A beginner slope at Bridger Bowl, a ski area outside Bozeman, Montana. Late winter, 1991.
Boone Lennon, 41, former head coach of the U.S. men's World Cup alpine ski team (1984-86), dubbed King of the Hill by "Skiing" magazine — and an anonymous 26-year old Australian snowboard coach.
Lennon's first attempt at snowboarding.
Boone Lennon narrates:
"I strap myself into the board and straighten up. The slat shimmies to life and starts down the hill, seemingly of its own accord. The instructor yells, 'Faster, dude, speed is your friend!' Well, I've gone very fast on skis and speed does help you turn, so I really let the board rip. I'm thinking that when I hit 30 mph, its going to be magic.
"Then I hit 30. I'm heading straight for a huge aspen, and I can't turn. All I can do is dive. My chest hits first. My chin digs a trough through the packed powder. As I'm lying there face down in the snow, I hear titters from a pack of preteen board — heads who woosh right past me. Utter humiliation."
You could hardly blame Lennon if he had dumped the board, slapped on his skis, and gone back to being King of the Hill. But he didn't. He'd seen the juice that snowboarders get from nailing those crisp, fluid turns. "It's intoxicating," says Lennon, watching the power of those turns. He wanted some of that for himself. First step: trash everything he'd heard about how to snowboard and start over.
A serious inventor as well as a successful coach, Lennon retreated to his workshop in the Montana Rockies, the place where he created the aero-bicycle handlebars that Greg LeMond used to win the 1989 Tour de France. He took some of the tools and techniques he picked up over years of coaching alpine skiing and adapted the best to snowboarding. Nothing was off-limits — he got plenty of inspiration and insight from watching his eight-year-old daughter's gymnastics class.
Lennon returned to the slopes, and in the waning days of winter '91 he pieced together a fast-track method for learning snowboarding — without the butt-busting, torso-twisting falls that almost all first timers endure. He dubbed it the Quick Carve system — quick carve, as in he'll have a beginner ripping trench-deep arcs in just two days. He filed a patent, wrote a manual, began offering two-day instructional camps. Now he's revolutionizing the way snowboarding is taught.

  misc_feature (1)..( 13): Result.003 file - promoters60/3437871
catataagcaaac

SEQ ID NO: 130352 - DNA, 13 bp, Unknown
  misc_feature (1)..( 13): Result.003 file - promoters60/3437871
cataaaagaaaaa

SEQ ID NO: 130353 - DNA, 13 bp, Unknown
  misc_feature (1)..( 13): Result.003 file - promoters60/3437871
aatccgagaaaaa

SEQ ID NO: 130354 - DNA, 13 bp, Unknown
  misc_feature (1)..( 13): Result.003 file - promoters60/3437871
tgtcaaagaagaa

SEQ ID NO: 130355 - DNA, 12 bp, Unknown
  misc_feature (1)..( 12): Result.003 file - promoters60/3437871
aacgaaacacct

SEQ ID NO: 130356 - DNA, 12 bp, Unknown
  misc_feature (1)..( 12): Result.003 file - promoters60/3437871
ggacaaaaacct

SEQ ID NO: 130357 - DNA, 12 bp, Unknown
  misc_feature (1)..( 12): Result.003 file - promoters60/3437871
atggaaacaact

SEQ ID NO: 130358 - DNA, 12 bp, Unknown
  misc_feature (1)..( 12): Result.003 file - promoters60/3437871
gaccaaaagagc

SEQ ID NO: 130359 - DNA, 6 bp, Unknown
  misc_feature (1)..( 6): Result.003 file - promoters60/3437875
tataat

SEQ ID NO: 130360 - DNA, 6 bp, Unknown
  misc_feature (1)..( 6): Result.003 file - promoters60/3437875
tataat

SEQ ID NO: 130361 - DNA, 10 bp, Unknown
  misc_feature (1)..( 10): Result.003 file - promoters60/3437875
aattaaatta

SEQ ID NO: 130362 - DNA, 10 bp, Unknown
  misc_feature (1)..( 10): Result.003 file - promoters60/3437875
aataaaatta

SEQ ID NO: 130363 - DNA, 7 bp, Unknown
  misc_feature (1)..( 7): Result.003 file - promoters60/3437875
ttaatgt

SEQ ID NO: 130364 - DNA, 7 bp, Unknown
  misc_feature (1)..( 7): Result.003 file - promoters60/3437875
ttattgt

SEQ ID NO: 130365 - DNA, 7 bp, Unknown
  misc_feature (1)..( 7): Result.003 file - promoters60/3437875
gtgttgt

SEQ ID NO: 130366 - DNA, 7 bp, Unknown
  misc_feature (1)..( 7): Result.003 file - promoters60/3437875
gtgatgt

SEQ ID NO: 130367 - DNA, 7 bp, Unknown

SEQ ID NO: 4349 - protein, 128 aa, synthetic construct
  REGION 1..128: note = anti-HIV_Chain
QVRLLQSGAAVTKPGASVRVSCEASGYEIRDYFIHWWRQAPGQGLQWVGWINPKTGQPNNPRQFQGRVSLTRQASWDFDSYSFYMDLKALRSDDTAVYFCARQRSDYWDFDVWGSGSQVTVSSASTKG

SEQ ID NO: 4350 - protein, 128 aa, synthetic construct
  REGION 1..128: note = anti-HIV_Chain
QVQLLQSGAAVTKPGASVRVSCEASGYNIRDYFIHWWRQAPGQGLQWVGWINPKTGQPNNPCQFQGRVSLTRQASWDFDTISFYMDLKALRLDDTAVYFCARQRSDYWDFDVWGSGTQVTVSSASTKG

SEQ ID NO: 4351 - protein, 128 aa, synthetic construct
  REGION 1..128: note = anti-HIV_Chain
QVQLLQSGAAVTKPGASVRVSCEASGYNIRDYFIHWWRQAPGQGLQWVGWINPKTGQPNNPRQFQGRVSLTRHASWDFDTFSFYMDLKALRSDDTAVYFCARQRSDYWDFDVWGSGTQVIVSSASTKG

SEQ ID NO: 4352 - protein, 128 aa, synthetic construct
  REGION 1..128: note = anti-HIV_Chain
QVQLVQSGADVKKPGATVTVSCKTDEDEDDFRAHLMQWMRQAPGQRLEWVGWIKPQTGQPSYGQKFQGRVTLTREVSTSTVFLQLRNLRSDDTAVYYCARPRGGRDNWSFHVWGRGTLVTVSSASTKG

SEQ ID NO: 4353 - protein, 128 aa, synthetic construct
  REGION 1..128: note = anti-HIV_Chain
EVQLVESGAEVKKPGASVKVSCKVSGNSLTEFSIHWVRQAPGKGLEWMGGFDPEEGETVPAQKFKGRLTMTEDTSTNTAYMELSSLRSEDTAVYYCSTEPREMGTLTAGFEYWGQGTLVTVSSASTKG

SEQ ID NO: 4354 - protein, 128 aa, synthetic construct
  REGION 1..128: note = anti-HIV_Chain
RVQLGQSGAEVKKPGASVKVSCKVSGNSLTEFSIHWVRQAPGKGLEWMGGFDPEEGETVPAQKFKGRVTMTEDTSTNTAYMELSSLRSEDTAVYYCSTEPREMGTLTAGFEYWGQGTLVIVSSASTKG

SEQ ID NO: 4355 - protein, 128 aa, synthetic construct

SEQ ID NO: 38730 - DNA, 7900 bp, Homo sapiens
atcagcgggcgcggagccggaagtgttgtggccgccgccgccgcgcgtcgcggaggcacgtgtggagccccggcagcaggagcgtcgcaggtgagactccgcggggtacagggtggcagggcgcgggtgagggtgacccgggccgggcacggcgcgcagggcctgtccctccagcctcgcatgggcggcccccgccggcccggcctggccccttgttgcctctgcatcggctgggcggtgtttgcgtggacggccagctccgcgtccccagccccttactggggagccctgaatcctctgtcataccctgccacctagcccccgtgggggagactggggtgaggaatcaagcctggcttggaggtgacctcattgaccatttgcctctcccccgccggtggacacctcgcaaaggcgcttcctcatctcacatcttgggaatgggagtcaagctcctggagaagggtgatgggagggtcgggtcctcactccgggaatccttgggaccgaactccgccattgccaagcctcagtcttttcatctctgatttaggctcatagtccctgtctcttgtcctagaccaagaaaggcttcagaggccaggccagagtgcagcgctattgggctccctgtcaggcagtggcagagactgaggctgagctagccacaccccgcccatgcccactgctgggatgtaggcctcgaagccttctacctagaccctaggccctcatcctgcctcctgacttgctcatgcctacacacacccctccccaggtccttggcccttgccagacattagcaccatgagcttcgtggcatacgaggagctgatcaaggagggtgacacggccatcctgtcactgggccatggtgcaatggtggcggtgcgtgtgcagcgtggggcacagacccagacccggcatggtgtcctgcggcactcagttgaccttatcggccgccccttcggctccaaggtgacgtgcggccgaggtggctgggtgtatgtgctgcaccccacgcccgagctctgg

"Our approach is simple, says Lennon. We put you in the right positions; we give you the right tools; we keep you vertical long enough so you can feel the carve for yourself."
The claim lives up to the billing. This past March I caught up with Lennon in Vail, Colorado. In one weekend, I watched him take a dozen beginners — including a woman who was five months pregnant and her 58-year old father-in-law — and transform them into proficient riders. By the end of the second day, the 58-year old could lay out turns so deep that his uphill arm brushed the snow.
Lennon's teaching methods offer more than a jump start to a hypergrowth sport that's hit an evolutionary speed bump. His method quietly challenges the tenets of traditional coaching. Here's his game plan, punctuated with postcards from students who thrived under his tutelage at Vail.
Bill Kerig (firstname.lastname@example.org) is a contributing editor at "Skiing" and "Snowboard Life" magazines. He lives and rides in Vail.
"Lesson #1: Never take your equipment as a given"
"Lesson #2: If you lack essential tools, invent them"
"Lesson #3: Never, ever accept the status quo"
"Lesson #4: You learn by succeeding"
"Lesson #5: Take control by letting go"
"Hard Gear Is Good to Find"
"Talk Like an 'Air Dog'"
A version of this article appeared in the Dec 1996/Jan 1997 issue of Fast Company magazine.